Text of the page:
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Case Report
Minimally Invasive Stabilization with Percutaneous Screws Fixation of APC-3 Pelvic Ring Injury
Beom-Soo Kim, M.D.1, Jong-Keon Oh, M.D.1, Jae-Woo Cho, M.D.1, Do-Hyun Yeo, M.D.1, Jun-Min Cho, M.D.2
Journal of Trauma and Injury 2019;32(1):60-65.
Published online: March 31, 2019
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1Department of Orthopedic Surgery, Korea University Guro Hospital, Seoul, Korea

2Department of General Surgery, Korea University Guro Hospital, Seoul, Korea

Correspondence to: Jun-Min Cho, M.D., Department of General Surgery, Korea, University Guro Hospital, 148 Gurodong-ro, Guro-gu, Seoul 08308, Korea, Tel: +82-2-2626-1114, Fax: +82-2-2626-2024, E-mail:
• Received: May 31, 2018   • Revised: August 29, 2018   • Accepted: September 3, 2018

Copyright © 2019 The Korean Society of Trauma

This is an Open Access article distributed under the terms of the Creative Commons Attribution Non-Commercial License ( which permits unrestricted noncommercial use, distribution, and reproduction in any medium, provided the original work is properly cited.

  • Pelvic fractures are associated with life-threatening injuries and high rates of morbidity and mortality. Management of internal blood loss associated with unstable pelvic ring injuries is paramount during the initial period. The reconstruction of the pelvic ring is of importance because it is a major contributor to the stability of the pelvic ring. We report the case of a 25-year-old man who had an unstable pelvic ring fracture combined with rupture of an obturator artery and had a successful and satisfactory treatment using minimally invasive surgery with percutaneous antegrade screw fixation.
Pelvic ring fractures represent only 3% of all fractures, but typically arise from high-energy trauma and have a high incidence of associated injuries that lead to significant morbidity and mortality [1,2]. Initial management of hemodynamically unstable pelvic ring injuries is paramount [3]. In addition to general measures of circulatory stabilization, reconstruction of the pelvic anatomy and restoration of the stable and non-expandable compartment are the goals of patient care [4]. Especially, the reconstruction of the posterior pelvic ring is of great importance because it is a major contributor to the stability of the pelvic ring [1]. In addition, biomechanical studies have also shown that additional osteosynthesis of anterior lesions significantly improves stability [5].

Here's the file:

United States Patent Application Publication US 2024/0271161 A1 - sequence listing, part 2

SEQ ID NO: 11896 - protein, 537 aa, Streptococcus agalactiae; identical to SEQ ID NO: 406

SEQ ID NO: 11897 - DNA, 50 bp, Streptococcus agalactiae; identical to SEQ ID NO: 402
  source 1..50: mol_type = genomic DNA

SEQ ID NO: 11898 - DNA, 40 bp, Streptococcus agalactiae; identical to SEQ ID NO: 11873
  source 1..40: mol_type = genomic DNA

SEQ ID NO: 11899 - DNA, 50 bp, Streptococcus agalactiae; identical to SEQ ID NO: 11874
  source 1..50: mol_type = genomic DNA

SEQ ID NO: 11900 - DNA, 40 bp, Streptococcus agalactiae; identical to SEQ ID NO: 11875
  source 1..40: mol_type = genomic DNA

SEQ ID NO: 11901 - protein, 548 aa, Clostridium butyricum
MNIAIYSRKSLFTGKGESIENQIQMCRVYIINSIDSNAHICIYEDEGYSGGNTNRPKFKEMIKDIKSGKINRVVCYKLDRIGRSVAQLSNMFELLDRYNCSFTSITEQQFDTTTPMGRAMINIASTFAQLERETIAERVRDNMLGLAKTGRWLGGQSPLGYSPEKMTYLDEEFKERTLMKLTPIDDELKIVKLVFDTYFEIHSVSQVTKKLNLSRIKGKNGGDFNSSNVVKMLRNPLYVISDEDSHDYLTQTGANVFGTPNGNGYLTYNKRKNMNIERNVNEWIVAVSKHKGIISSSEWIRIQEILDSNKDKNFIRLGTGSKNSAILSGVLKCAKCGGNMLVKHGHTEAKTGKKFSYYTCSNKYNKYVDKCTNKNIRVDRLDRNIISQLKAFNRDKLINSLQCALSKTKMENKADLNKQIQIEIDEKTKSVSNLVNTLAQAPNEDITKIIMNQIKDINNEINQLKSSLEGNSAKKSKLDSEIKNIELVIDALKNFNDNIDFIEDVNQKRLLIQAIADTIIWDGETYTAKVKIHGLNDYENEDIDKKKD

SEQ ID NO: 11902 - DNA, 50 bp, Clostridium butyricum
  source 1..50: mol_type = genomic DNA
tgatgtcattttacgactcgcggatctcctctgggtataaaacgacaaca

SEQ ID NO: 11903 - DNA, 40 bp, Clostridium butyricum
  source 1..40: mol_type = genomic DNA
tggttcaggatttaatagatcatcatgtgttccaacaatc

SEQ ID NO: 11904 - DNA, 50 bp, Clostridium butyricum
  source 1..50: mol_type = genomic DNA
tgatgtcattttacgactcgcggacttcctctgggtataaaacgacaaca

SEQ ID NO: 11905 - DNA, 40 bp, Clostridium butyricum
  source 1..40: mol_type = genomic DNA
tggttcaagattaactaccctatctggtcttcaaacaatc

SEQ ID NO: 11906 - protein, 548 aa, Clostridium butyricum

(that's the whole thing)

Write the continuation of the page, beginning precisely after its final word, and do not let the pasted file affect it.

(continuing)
We report the case of a 25-year-old man who had an unstable pelvic ring fracture with sacral dysmorphism combined with rupture of an obturator artery. The patient treated with minimally invasive surgery using the plate and percutaneous antegrade screw showed a successful and satisfactory outcome.
A 25-year-old man arrived at our emergency department 18 minutes after a traffic accident during riding a motorcycle. His vital signs were stable with a blood pressure of 110/70 mm Hg and pulse rate of 80/min at the time of arrival. He complained of pain in the bilateral pelvic region, left forearm, right knee, and face. The motor and sensory abilities were intact and blood circulation was palpable in both of his upper and lower extremities. After 1 hour from the time of arrival, his blood pressure was 100/60 mmHg and pulse rate was 80/min, and radiographs and computed tomography (CT) scan were performed. When the patient was brought back to the emergency department from the radiological department, his systolic blood pressure had decreased to 60 mmHg, and the radiographs and CT scan showed an anterior posterior compression (APC) type 3 pelvic ring injury with a 6.2 cm diastasis of the symphysis pubis and rami fractures (Fig. 1). An abdominal pelvic CT scan showed an implication of the finding of contrast extravasation around the obturator artery. The patient’s vital signs became unstable, and two units each of packed red cells and fresh frozen plasma were immediately administered with a large amount of normal saline. With application of a pelvic binder, we used a portable radiographic device to confirm that the diastatic distance of the pubic symphysis was decreased. At 30 minutes after application of the pelvic binder, his vital signs were stabilized. To resolve the extravasation in the pelvic cavity, a transcatheter arterial embolization (TAE) was performed immediately. Bleeding in the left obturator artery territory was confirmed, and coil embolization using was performed (Fig. 2). After application of the pelvic binder and embolization, the vital signs of the patient were stabilized. After management of his general condition, 3 days after the time of arrival, the patient underwent pelvic fracture fixation.